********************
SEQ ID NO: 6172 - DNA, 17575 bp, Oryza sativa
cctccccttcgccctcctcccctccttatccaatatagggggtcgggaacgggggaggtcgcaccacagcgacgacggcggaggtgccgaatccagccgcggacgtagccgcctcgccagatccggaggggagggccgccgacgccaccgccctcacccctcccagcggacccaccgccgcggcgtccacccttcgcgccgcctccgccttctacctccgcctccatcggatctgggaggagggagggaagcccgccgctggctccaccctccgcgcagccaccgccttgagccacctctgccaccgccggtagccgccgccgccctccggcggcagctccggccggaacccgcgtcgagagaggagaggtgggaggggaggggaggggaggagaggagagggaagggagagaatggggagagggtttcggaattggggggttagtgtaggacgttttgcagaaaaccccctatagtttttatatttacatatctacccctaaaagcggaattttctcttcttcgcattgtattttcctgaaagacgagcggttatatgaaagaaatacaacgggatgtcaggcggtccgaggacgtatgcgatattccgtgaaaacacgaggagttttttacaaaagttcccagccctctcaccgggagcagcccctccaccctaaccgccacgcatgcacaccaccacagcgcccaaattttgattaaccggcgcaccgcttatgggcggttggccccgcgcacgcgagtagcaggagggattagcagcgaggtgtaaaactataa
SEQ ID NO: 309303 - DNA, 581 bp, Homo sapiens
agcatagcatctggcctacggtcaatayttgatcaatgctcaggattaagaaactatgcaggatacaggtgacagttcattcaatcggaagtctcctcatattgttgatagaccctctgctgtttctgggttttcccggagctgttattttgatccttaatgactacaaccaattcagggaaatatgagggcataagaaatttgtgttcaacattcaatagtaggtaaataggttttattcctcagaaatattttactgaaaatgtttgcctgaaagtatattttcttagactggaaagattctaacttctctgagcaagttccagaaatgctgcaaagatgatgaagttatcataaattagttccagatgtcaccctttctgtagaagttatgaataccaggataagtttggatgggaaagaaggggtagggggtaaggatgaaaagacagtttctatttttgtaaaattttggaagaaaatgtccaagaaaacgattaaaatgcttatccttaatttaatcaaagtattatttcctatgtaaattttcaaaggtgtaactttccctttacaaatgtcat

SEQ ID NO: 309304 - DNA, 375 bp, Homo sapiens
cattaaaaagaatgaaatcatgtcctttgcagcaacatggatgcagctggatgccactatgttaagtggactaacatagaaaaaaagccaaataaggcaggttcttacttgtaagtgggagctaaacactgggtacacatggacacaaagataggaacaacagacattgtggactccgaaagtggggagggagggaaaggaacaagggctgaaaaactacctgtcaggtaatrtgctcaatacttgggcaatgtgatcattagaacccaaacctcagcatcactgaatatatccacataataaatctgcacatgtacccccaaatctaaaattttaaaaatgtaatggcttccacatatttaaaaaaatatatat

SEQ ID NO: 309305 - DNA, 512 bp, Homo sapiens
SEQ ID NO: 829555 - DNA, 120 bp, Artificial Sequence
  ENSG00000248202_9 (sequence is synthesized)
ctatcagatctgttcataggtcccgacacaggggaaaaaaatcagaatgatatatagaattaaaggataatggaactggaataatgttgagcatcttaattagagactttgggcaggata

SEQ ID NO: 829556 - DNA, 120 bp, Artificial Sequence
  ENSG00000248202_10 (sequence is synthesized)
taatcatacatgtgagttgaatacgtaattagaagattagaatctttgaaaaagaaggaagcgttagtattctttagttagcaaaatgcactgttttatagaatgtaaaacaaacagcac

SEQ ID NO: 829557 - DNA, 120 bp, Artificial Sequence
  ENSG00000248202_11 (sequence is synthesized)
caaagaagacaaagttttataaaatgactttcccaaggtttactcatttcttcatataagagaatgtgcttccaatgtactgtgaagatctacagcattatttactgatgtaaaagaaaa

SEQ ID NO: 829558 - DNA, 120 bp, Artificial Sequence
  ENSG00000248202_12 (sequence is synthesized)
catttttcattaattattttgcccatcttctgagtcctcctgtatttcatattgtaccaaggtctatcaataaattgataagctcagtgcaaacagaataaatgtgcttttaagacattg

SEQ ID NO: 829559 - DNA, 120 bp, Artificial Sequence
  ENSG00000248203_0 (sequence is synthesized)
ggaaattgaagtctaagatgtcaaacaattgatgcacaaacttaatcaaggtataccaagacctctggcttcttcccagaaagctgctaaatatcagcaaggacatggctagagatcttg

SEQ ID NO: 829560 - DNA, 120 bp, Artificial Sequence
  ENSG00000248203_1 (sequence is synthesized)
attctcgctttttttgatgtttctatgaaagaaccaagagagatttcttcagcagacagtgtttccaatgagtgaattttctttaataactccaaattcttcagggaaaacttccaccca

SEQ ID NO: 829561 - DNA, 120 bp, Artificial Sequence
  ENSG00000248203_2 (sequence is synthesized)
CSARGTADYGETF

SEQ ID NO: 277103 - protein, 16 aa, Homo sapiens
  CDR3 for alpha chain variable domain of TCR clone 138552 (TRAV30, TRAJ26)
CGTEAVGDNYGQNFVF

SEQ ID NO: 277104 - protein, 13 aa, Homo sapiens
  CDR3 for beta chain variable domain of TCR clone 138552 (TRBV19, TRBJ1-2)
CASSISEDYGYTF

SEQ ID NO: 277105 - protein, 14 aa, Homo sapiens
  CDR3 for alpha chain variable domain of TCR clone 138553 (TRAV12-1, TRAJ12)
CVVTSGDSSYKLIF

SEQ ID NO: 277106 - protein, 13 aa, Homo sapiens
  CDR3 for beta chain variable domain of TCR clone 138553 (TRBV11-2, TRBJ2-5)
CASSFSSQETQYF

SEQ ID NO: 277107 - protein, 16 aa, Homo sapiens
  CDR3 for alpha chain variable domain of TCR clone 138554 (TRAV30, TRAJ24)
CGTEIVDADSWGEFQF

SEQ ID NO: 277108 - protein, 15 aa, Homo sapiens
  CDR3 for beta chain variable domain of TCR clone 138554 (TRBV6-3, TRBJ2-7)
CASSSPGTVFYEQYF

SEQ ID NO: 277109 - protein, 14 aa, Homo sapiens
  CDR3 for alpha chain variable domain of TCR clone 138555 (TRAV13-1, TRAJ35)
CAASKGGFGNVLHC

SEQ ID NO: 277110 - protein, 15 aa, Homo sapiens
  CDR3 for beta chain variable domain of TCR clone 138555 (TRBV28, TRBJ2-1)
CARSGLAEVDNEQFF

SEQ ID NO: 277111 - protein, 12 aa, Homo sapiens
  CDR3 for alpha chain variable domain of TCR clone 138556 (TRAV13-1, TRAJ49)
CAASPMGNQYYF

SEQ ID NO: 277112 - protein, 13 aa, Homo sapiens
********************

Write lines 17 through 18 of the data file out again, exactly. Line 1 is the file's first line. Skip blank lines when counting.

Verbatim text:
SEQ ID NO: 829558 - DNA, 120 bp, Artificial Sequence
  ENSG00000248202_12 (sequence is synthesized)